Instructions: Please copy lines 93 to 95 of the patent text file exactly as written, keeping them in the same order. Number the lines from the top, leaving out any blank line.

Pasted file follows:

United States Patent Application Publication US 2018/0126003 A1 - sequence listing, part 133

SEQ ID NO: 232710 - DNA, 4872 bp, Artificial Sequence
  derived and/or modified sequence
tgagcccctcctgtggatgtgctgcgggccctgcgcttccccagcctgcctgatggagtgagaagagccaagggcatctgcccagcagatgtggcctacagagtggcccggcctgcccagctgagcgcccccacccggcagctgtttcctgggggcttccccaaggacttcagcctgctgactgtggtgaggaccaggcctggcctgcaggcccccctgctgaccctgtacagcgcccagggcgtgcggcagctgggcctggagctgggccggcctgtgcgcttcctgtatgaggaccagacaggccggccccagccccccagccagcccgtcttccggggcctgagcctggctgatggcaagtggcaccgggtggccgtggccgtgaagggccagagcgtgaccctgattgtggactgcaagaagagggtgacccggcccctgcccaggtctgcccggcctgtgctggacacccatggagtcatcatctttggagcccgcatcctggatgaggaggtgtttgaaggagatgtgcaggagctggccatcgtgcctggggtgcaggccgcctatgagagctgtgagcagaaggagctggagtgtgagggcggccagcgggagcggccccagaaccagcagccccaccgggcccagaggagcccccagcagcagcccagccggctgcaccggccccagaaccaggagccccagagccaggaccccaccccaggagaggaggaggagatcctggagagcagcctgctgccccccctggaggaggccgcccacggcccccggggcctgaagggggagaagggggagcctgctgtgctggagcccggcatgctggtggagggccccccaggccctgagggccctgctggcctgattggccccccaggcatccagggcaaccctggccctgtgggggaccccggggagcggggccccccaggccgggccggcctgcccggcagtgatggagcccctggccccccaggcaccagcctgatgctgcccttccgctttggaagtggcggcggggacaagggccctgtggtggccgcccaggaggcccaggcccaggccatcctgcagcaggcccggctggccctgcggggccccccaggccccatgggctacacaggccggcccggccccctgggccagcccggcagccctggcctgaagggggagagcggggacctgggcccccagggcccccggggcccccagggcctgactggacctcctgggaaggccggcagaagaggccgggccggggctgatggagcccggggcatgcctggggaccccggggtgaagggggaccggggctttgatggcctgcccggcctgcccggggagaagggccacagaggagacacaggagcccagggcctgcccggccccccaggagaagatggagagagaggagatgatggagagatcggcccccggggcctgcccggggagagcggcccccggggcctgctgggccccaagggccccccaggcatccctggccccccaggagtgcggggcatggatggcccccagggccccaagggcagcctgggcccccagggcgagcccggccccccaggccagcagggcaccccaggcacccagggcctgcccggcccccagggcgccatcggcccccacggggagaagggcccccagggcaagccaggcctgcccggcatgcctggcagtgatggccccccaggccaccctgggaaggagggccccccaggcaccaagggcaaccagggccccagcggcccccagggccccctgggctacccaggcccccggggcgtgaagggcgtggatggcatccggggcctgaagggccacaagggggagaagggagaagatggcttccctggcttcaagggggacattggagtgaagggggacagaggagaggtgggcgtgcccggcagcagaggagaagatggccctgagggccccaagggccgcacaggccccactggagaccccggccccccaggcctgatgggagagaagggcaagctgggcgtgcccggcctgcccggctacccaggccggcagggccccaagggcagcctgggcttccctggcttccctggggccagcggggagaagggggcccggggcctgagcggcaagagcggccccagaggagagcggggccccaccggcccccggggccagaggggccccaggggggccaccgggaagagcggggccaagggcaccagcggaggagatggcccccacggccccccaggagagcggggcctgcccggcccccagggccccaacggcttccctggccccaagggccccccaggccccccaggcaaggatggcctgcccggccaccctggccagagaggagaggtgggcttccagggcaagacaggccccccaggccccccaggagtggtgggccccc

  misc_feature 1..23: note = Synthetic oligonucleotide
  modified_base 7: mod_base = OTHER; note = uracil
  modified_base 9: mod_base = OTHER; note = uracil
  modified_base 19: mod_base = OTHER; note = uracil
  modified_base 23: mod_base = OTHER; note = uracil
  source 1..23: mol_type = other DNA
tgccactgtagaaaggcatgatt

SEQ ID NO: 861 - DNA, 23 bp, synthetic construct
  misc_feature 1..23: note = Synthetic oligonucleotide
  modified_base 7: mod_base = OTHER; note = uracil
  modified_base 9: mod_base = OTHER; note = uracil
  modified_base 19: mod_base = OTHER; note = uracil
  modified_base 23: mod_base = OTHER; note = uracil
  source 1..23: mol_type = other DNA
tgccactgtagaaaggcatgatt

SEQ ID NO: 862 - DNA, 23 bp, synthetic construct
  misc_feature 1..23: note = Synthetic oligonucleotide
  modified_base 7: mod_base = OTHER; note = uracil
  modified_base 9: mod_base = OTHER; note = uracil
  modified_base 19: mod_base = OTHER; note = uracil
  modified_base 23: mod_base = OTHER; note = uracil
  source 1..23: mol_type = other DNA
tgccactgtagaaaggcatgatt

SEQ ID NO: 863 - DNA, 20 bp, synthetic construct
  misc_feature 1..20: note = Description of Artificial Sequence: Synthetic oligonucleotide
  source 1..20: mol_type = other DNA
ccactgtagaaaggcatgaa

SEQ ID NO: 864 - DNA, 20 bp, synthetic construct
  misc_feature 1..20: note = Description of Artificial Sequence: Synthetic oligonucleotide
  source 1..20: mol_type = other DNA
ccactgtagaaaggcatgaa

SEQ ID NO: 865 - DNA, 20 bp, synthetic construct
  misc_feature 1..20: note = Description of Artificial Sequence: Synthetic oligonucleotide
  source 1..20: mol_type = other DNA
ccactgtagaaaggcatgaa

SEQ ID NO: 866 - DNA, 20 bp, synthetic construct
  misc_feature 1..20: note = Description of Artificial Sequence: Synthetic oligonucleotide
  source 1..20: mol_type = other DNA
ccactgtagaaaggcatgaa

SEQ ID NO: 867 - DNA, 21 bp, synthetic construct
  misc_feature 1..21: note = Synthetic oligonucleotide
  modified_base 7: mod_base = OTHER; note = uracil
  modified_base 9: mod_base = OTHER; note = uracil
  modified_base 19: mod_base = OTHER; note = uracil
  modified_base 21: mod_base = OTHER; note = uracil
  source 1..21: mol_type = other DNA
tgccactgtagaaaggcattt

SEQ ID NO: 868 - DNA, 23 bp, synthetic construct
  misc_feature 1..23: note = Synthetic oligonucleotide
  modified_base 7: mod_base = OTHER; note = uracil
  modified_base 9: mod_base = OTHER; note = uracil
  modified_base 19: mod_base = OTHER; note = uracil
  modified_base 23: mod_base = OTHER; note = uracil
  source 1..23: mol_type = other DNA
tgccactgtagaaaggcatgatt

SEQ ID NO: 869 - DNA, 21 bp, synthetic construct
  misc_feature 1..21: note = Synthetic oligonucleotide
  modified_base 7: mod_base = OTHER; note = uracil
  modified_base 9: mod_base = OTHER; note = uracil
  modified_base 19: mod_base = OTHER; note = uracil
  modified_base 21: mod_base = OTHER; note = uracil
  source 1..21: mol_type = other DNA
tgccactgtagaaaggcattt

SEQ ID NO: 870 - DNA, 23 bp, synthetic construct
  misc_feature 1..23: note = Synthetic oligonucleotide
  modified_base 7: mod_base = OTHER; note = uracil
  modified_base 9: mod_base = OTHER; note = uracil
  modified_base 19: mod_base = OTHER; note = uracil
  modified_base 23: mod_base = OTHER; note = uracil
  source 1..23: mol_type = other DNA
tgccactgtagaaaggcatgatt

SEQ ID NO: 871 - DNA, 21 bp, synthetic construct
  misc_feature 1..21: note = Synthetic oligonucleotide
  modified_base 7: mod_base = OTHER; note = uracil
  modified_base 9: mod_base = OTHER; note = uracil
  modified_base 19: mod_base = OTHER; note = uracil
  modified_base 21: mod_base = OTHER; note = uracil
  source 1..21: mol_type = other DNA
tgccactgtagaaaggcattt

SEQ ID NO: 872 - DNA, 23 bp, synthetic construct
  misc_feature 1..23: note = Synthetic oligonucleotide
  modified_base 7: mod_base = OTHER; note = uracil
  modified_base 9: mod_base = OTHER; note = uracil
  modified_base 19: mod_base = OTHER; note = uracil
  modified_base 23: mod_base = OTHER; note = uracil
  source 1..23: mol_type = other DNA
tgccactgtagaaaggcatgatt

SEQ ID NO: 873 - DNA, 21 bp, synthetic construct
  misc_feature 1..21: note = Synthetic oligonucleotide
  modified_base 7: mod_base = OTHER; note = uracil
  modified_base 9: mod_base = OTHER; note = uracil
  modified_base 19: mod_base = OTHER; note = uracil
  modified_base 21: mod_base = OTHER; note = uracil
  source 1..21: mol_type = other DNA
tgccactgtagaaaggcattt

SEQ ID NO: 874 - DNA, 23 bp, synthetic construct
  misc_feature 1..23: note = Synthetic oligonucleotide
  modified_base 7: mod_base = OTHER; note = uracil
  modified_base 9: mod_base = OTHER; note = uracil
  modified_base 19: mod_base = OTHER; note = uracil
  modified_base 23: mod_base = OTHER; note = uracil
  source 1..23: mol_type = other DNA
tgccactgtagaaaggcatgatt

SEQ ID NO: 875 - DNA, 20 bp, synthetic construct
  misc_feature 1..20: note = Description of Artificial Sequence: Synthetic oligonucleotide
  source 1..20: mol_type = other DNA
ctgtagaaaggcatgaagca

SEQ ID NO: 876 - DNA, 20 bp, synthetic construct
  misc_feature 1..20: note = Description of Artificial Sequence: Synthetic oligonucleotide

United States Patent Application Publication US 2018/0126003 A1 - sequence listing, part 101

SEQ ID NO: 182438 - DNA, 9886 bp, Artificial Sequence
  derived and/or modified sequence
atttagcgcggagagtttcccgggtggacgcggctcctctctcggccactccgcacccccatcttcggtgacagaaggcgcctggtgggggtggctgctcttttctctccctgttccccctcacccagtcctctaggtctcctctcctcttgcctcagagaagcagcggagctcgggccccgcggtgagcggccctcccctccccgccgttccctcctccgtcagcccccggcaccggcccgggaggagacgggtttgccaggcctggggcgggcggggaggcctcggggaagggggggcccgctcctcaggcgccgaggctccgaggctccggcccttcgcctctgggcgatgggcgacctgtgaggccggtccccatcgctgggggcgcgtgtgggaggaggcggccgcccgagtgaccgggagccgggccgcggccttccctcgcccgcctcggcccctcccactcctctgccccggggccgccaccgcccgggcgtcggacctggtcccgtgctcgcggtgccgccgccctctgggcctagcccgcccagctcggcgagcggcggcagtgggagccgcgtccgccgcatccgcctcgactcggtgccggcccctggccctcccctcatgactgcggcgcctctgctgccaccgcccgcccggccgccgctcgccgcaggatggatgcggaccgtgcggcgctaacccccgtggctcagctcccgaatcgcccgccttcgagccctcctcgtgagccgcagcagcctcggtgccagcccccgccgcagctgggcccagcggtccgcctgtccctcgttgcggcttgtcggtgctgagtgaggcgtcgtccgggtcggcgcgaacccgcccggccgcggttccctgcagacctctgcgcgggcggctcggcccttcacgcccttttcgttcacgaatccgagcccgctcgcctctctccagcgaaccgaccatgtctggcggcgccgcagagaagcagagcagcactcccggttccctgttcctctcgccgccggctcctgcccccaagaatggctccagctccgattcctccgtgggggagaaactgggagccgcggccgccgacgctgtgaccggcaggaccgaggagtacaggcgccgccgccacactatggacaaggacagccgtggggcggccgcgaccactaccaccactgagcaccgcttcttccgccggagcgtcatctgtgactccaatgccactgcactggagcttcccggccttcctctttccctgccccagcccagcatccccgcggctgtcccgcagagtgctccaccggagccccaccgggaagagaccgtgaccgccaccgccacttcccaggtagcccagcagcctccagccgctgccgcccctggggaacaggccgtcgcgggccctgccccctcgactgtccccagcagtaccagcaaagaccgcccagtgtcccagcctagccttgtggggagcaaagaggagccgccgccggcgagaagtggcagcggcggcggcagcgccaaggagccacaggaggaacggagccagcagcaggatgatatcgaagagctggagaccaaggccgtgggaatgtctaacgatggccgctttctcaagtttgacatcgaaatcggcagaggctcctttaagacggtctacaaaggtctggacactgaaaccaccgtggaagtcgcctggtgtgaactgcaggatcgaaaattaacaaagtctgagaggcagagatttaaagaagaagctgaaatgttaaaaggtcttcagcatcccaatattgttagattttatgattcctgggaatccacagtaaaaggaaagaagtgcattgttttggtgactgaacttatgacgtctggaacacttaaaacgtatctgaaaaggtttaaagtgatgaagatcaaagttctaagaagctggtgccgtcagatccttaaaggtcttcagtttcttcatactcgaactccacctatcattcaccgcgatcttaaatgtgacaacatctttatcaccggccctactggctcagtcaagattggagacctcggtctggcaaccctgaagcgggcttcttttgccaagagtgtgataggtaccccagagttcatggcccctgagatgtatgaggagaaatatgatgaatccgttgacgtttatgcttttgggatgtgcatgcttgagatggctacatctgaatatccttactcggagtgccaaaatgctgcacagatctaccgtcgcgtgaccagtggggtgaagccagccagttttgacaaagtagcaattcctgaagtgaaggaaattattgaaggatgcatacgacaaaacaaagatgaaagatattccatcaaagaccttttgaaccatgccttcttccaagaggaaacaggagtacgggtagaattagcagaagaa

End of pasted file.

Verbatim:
  misc_feature 1..21: note = Synthetic oligonucleotide
  modified_base 7: mod_base = OTHER; note = uracil
  modified_base 9: mod_base = OTHER; note = uracil